The Cerro Tololo Inter-American Observatory (CTIO) is an astronomicalobservatory located on Cerro Tololo in the Coquimbo Region of northern Chile, with additional facilities located on Cerro Pachón about 10 kilometres (6.2 mi) to the southeast. It is within the Coquimbo Region and approximately 80 kilometres (50 mi) east of La Serena, where support facilities are located. The site was identified by a team of scientists from Chile and the United States in 1959, and it was selected in 1962. Construction began in 1963 and regular astronomical observations commenced in 1965. Construction of large buildings on Cerro Tololo ended with the completion of the Víctor Blanco Telescope in 1974, but smaller facilities have been built since then. Cerro Pachón is still under development, with two large telescopes inaugurated since 2000, and one in the early stages of construction.
The principal telescopes at CTIO are the 4 m Víctor M. Blanco Telescope, named after Puerto Rican astronomer Victor Manuel Blanco, and the 4.1 m Southern Astrophysical Research (SOAR) telescope, which is situated on Cerro Pachón. Other telescopes on Cerro Tololo include the 1.5 m, 1.3 m, 1.0 m, and 0.9 m telescopes operated by the SMARTS consortium. CTIO also hosts other research projects, such as PROMPT, WHAM, and LCOGTN, providing a platform for access to the southern hemisphere for U.S. and world-wide scientific research.
The Small and Medium Research Telescope System (SMARTS) is a consortium formed in 2001 after NOAO announced it would no longer support anything smaller than two meters at CTIO. The member institutions of SMARTS now fund and manage observing time on four telescopes that fit that definition. Access has also been purchased by individual scientists. SMARTS contracts with NOAO to maintain the telescopes it controls at CTIO, and NOAO retains the right to 25% of the observing time, and Chilean scientists retain 10%. SMARTS began managing telescopes in 2003.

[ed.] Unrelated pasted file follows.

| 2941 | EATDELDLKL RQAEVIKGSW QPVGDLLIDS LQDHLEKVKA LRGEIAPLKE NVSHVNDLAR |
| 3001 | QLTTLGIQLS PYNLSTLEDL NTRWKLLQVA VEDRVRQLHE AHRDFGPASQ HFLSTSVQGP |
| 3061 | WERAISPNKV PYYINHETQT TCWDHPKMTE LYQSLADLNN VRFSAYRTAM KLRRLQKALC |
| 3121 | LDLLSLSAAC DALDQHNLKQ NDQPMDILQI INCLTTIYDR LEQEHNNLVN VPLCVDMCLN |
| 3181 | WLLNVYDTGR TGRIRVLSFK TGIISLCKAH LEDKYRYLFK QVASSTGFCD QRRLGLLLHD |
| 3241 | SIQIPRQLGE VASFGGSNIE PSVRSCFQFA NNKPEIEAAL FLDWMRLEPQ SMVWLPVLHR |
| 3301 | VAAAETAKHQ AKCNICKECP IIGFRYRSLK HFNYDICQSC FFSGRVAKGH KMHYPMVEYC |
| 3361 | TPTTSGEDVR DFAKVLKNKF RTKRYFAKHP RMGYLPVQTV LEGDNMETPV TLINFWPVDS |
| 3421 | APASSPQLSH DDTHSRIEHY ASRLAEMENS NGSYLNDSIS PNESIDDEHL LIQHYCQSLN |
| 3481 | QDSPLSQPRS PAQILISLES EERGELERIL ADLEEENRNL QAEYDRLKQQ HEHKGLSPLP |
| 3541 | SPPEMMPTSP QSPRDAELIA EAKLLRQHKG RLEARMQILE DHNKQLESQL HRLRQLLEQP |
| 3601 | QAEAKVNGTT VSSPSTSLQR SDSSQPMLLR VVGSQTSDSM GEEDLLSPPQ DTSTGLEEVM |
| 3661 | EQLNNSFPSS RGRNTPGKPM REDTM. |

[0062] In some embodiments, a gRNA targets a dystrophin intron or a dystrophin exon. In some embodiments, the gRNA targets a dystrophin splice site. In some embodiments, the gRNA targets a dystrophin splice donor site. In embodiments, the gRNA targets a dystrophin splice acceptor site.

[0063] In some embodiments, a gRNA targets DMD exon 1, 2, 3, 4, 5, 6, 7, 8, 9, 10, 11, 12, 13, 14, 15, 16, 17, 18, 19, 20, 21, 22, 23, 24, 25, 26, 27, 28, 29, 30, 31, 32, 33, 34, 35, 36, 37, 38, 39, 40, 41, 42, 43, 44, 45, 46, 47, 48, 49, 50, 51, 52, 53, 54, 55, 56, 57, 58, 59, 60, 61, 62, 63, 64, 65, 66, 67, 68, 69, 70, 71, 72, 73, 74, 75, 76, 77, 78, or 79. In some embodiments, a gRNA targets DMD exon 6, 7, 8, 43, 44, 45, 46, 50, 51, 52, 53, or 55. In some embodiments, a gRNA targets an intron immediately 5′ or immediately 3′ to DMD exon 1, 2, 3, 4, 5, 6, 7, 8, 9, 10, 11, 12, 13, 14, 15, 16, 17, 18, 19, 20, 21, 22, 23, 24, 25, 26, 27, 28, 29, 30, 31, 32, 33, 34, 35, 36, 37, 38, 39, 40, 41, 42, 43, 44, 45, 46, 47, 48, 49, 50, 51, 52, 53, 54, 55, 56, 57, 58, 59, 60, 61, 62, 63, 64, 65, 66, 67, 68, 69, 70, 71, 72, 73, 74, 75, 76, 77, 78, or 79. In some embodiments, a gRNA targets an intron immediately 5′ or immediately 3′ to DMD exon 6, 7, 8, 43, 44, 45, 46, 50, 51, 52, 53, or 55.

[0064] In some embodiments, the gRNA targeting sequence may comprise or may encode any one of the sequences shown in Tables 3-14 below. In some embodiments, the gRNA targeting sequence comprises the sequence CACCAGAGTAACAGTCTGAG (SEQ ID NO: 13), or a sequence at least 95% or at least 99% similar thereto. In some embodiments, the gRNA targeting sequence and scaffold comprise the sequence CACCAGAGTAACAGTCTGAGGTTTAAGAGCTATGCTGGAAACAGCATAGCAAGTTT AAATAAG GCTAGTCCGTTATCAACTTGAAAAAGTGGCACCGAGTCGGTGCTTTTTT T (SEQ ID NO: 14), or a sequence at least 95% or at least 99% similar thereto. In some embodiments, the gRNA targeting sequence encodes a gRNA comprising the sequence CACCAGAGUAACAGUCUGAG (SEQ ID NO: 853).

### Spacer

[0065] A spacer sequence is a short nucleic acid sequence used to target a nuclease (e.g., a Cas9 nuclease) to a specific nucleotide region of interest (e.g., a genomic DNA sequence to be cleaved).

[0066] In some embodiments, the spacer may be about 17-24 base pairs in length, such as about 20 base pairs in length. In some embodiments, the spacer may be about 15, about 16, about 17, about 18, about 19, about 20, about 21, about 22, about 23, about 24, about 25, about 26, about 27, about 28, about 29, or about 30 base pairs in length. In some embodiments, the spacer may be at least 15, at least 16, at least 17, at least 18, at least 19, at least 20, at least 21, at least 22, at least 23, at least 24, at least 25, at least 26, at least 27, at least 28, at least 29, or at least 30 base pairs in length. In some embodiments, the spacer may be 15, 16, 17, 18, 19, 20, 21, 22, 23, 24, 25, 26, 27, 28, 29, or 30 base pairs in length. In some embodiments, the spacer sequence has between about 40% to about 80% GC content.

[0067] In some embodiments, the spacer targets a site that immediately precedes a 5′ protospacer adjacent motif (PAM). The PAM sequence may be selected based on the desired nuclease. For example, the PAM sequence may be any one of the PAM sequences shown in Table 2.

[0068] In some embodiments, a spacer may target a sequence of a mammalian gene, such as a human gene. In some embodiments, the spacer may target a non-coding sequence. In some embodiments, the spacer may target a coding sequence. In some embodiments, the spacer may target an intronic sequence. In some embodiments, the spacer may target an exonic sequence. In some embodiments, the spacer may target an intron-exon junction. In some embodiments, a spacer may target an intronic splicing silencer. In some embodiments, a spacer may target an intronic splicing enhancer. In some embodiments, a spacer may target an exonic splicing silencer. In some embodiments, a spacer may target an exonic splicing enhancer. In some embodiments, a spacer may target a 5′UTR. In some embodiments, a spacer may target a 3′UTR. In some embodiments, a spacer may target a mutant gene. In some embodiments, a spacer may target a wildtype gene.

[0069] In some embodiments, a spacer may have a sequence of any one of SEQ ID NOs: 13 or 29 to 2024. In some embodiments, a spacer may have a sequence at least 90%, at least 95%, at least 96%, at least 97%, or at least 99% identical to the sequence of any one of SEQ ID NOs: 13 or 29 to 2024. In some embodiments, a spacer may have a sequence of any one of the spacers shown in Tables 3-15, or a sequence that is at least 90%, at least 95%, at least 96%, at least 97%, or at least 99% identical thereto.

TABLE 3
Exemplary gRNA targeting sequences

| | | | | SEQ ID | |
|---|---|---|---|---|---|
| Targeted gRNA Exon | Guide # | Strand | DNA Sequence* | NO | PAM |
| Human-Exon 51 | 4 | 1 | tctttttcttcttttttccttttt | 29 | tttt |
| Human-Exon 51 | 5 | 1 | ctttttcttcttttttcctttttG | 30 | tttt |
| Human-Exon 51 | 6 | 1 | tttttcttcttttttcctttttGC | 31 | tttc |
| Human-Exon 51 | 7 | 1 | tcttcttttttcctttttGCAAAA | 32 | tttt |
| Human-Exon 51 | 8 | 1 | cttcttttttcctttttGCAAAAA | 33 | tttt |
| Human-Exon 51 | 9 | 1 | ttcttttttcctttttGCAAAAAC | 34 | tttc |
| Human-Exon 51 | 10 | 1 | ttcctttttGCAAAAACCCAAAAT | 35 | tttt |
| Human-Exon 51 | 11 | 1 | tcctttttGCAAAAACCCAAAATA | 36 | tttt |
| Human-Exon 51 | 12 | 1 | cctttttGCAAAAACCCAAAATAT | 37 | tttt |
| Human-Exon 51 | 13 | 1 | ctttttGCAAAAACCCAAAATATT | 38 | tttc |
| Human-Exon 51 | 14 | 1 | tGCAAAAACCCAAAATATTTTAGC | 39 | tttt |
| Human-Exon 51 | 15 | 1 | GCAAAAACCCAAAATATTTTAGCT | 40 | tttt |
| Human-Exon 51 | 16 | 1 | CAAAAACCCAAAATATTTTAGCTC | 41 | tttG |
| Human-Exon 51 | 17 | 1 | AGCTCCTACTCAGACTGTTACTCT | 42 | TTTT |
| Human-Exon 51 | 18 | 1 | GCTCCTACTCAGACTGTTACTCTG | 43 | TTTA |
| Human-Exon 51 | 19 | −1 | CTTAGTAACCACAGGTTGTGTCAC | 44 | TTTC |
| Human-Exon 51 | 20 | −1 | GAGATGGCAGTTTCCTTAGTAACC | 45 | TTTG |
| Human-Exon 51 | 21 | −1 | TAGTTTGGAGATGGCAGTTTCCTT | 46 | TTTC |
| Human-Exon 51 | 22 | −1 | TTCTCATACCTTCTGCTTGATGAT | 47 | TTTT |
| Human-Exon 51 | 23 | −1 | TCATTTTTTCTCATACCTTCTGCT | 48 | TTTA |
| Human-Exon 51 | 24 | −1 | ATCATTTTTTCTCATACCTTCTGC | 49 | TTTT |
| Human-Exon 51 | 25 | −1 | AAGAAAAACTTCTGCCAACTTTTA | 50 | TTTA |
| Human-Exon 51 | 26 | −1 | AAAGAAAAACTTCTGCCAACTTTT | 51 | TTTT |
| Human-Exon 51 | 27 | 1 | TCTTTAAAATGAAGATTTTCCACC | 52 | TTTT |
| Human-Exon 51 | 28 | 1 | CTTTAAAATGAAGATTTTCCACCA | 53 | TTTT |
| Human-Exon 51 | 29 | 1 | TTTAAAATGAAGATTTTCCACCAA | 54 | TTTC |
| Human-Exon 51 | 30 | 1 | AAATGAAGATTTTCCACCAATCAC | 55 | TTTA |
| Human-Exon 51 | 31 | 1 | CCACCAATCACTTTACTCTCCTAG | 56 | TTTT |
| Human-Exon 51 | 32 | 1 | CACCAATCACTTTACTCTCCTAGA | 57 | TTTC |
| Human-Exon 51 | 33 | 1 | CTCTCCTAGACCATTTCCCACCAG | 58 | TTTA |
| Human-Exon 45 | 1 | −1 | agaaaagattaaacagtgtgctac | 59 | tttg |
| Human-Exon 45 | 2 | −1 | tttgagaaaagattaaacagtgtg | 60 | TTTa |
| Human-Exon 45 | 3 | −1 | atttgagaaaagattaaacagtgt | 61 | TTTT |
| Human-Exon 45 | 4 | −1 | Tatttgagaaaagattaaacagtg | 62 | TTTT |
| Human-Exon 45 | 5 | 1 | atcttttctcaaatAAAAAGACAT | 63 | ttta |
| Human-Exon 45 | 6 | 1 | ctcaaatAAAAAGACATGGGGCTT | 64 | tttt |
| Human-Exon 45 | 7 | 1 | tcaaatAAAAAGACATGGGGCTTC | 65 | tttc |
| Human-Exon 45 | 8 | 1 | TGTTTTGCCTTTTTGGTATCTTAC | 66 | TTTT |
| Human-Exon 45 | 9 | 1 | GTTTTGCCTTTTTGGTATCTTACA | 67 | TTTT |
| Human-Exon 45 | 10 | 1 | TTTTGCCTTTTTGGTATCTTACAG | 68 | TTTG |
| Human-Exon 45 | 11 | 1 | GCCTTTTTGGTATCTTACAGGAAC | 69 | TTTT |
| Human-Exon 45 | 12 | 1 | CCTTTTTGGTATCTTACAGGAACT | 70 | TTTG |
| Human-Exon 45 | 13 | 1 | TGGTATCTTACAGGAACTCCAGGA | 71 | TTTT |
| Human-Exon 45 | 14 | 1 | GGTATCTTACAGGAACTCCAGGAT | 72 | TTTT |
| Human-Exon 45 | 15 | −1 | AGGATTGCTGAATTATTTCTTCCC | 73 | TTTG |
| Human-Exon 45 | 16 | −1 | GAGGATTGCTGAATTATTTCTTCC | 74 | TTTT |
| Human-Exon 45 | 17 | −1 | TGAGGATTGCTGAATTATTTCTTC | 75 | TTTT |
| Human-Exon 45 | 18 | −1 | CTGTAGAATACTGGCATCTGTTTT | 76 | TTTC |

CTIOPI is the Cerro Tololo Interamerican Observatory Parallax Investigation. It began in 1999 and uses two telescopes at Cerro Tololo, the SMARTS 1.5 m reflector and the SMARTS 0.9 m reflector. The purpose of CTIOPI is to discover nearby red, white, and brown dwarfs that lurk unidentified in the solar neighborhood. The goal is to discover 300 new southern star systems within 25 parsecs by determining trigonometric parallaxes accurate to 3 milliarcseconds.
The Southern H-Alpha Sky Survey Atlas (SHASSA) operated at CTIO from 1997 to 2006 in its own small dome, which was dubbed El Enano by the local staff. It was removed at the end of the project and donated to a school in La Serena.
On the morning of Saturday, December 7, 2013, Luis González, a research assistant at the University of Chile, discovered what would later be confirmed as a supernova by José Maza, an astronomer at University of Chile and a researcher for CATA ( Centro de Astrofísica y Tecnologías Afines or “Centre for Astrophysics and Related Technologies”). The supernova is the first discovery to be made by the CATA 500, a robotic telescope designed and operated by a Chilean team located in Santiago, approximately 500 kilometres to the south. It is part of the GLORIA project, which provides open access to astronomers from around the world to a network of remotely operated robotic telescopes. The new supernova lies in the galaxy ESO 365-G16, located 370 million light years from Earth, and has a mass eight times that of our Sun.
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